The undocumented pizza delivery man who was arrested by Immigration and Customs Enforcement (ICE) two months ago received good news this week. Pablo Villavicencio was released from government custody on Tuesday following a federal judge's order to pause his deportation proceedings. A video of Villavicencio being reunited with his wife and two daughters tweeted by The New York Post's Joe Marino shows the family's emotional response to seeing Villavicencio out of detention.
Villavicencio was arrested while delivering a pizza to the Fort Hamilton Army base in Brooklyn, New York. The base claimed in a statement to CNN that Villavicencio didn't have the proper identification to enter, so he was asked to get a daily visitor pass. This reportedly resulted in him signing a waiver that allowed a background check. The military police called ICE after the background check showed that Villavicencio had an active warrant for his deportation.
Judge Paul Crotty described Villavicencio as a "model citizen" and granted him a stay of deportation while he moves through the process to obtain the necessary legal documentation to stay in the U.S. Other than coming to the U.S. as an undocumented immigrant in 2008, Villavicencio has no criminal record. “He has paid his taxes. And he has worked diligently to provide for his family," Crotty wrote in Tuesday's ruling.
Villavicencio had been held in the Hudson County Correctional Center in Kearny, New Jersey since June 1. He's married to a United States citizen and began the process to obtain a green card in February, according to The New York Times.
"Thank you for everything. I'm so happy," he told reporters after he was released. According to CNN's translation, he added in Spanish: "I love this country. I love this country because it gave me this family. [It] gave me my daughters, but I do not share the intolerance and disrespect of the current government."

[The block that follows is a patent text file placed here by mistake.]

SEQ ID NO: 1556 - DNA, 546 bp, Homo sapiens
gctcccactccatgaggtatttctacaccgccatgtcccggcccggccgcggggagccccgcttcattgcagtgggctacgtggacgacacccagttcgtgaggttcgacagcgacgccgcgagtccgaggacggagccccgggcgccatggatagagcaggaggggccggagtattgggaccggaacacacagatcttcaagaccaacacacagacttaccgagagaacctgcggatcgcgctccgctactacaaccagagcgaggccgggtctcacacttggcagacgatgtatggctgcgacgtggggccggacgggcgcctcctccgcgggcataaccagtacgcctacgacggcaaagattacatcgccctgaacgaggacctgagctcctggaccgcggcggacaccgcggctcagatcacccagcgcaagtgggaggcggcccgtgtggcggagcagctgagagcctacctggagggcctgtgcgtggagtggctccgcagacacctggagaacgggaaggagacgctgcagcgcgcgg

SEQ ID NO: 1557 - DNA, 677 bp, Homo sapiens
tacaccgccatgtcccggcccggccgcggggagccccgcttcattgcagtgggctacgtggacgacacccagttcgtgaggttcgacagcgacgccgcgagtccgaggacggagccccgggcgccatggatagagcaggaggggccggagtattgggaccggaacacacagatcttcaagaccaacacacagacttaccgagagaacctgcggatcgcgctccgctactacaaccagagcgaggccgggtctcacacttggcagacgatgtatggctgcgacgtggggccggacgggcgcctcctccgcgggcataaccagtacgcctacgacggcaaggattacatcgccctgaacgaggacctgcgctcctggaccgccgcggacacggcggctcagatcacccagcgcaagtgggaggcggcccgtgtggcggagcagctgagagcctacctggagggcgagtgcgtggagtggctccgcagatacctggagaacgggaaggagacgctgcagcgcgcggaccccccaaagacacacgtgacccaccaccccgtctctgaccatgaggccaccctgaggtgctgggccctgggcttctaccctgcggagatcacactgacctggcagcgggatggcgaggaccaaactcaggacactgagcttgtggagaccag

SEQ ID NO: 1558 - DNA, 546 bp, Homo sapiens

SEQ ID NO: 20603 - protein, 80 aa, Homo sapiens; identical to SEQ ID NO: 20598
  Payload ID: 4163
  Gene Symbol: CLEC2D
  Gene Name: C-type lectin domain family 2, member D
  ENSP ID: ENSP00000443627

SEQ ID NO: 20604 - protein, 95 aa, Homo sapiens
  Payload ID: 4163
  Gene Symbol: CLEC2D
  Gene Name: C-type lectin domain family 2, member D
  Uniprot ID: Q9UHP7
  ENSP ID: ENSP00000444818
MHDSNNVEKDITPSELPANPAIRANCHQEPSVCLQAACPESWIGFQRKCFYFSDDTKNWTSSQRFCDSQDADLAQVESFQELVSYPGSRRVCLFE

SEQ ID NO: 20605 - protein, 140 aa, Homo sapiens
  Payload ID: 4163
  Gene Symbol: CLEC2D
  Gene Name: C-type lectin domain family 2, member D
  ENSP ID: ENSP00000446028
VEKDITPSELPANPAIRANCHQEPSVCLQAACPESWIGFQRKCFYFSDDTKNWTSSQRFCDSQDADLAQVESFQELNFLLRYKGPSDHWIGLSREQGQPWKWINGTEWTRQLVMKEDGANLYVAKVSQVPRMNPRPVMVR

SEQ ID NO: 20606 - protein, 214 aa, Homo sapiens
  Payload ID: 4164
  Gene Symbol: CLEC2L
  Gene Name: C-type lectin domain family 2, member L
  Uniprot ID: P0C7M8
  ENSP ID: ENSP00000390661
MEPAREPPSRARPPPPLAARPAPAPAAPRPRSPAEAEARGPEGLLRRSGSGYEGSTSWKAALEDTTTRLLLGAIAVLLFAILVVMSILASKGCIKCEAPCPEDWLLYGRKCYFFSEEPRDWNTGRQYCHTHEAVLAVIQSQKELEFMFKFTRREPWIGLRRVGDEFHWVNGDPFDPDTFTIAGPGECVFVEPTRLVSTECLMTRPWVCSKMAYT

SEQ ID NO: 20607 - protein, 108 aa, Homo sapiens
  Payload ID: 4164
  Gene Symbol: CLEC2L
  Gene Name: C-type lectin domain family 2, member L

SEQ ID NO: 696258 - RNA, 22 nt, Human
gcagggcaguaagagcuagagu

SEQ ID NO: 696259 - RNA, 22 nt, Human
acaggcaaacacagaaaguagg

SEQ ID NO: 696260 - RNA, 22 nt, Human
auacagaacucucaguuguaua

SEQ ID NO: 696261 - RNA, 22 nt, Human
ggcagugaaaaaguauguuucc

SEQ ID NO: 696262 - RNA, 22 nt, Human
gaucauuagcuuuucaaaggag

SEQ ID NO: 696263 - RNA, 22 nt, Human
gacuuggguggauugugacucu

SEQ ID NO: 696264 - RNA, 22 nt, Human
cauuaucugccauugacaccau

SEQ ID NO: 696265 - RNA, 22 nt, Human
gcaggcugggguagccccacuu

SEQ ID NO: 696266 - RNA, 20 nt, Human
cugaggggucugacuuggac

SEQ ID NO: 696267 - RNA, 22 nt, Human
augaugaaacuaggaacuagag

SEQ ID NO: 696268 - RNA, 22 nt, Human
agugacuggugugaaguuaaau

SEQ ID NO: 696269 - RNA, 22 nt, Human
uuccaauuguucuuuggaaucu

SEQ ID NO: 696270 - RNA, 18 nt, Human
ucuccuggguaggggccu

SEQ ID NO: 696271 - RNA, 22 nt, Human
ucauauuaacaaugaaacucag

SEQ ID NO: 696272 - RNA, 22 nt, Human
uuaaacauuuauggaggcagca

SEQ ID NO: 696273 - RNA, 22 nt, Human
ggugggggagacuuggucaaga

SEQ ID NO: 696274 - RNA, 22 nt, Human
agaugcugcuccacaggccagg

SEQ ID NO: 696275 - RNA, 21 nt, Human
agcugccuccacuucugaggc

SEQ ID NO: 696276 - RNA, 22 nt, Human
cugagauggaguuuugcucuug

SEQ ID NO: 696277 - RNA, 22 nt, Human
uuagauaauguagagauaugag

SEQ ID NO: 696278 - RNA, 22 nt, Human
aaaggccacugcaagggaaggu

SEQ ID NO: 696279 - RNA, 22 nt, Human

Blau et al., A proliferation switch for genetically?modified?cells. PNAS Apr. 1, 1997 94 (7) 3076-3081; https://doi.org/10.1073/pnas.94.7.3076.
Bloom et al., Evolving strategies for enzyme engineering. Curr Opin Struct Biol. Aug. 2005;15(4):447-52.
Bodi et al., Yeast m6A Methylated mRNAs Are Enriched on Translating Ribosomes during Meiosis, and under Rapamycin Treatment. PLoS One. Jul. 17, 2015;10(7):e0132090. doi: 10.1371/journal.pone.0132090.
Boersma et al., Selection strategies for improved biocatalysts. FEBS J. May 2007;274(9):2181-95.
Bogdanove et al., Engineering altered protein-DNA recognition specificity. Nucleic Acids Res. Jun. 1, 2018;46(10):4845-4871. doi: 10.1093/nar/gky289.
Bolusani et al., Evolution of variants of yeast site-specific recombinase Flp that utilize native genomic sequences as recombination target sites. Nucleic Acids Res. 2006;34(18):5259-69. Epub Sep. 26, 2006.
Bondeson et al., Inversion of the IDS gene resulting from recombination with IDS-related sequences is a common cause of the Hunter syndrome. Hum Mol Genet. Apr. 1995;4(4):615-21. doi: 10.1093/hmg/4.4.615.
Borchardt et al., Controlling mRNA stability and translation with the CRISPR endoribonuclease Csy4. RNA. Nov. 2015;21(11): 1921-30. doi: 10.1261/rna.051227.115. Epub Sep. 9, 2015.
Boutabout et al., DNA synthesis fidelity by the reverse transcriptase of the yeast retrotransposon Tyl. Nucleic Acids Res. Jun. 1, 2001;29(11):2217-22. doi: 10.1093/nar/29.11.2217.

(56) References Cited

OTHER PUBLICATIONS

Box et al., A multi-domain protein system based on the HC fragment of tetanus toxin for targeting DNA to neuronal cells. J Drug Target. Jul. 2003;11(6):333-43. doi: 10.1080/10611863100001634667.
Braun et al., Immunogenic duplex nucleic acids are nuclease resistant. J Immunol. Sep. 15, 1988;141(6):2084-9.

Although Villavicencio's immigration battle isn't completely over, immigration activists praised the judges decision to release Villavicencio from detention.
“The rule of law, humanity and morality prevailed tonight with the Court’s order releasing Pablo back to his family and community,” said Adriene Holder, an attorney in the civil practice division at The Legal Aid Society, in a statement posted online on Tuesday. “This decision should serve as a rebuke against the Trump Administration and its merciless crusade to tear families apart. Today is also an affirmation that the Courts can still serve as a check on the Executive when it breaks with our laws and principles."
Holder also assured the Villavicencio family that The Legal Aid Society will continue fighting to ensure that the father of two isn't deported back to Ecuador: "The Villavicencio family has finally received a crucial measure of relief from their 53-day nightmare and we will continue to fight alongside them to protect their right to remain in the community they call home.”
New York Gov. Andrew Cuomo, who's been a vocal opponent of the Trump administration's "zero tolerance" immigration policy, similarly voiced his support for Villavicencio on Tuesday.
"The order to release Pablo Villavicencio from federal detention is a victory for New Yorkers and for basic human rights — but it shouldn't be. Mr. Villavicencio was held for 53 days, and that is 53 days too long — this never should have happened," he tweeted on Tuesday. In an additional tweet, he added: "A true New Yorker. Welcome home, Pablo."
Crotty's decision followed a previous order granting Villavicencio an emergency stay on his deportation order. He's now free to continue his petition for a green card that would allow him to permanently stay in the United States with his wife and daughters.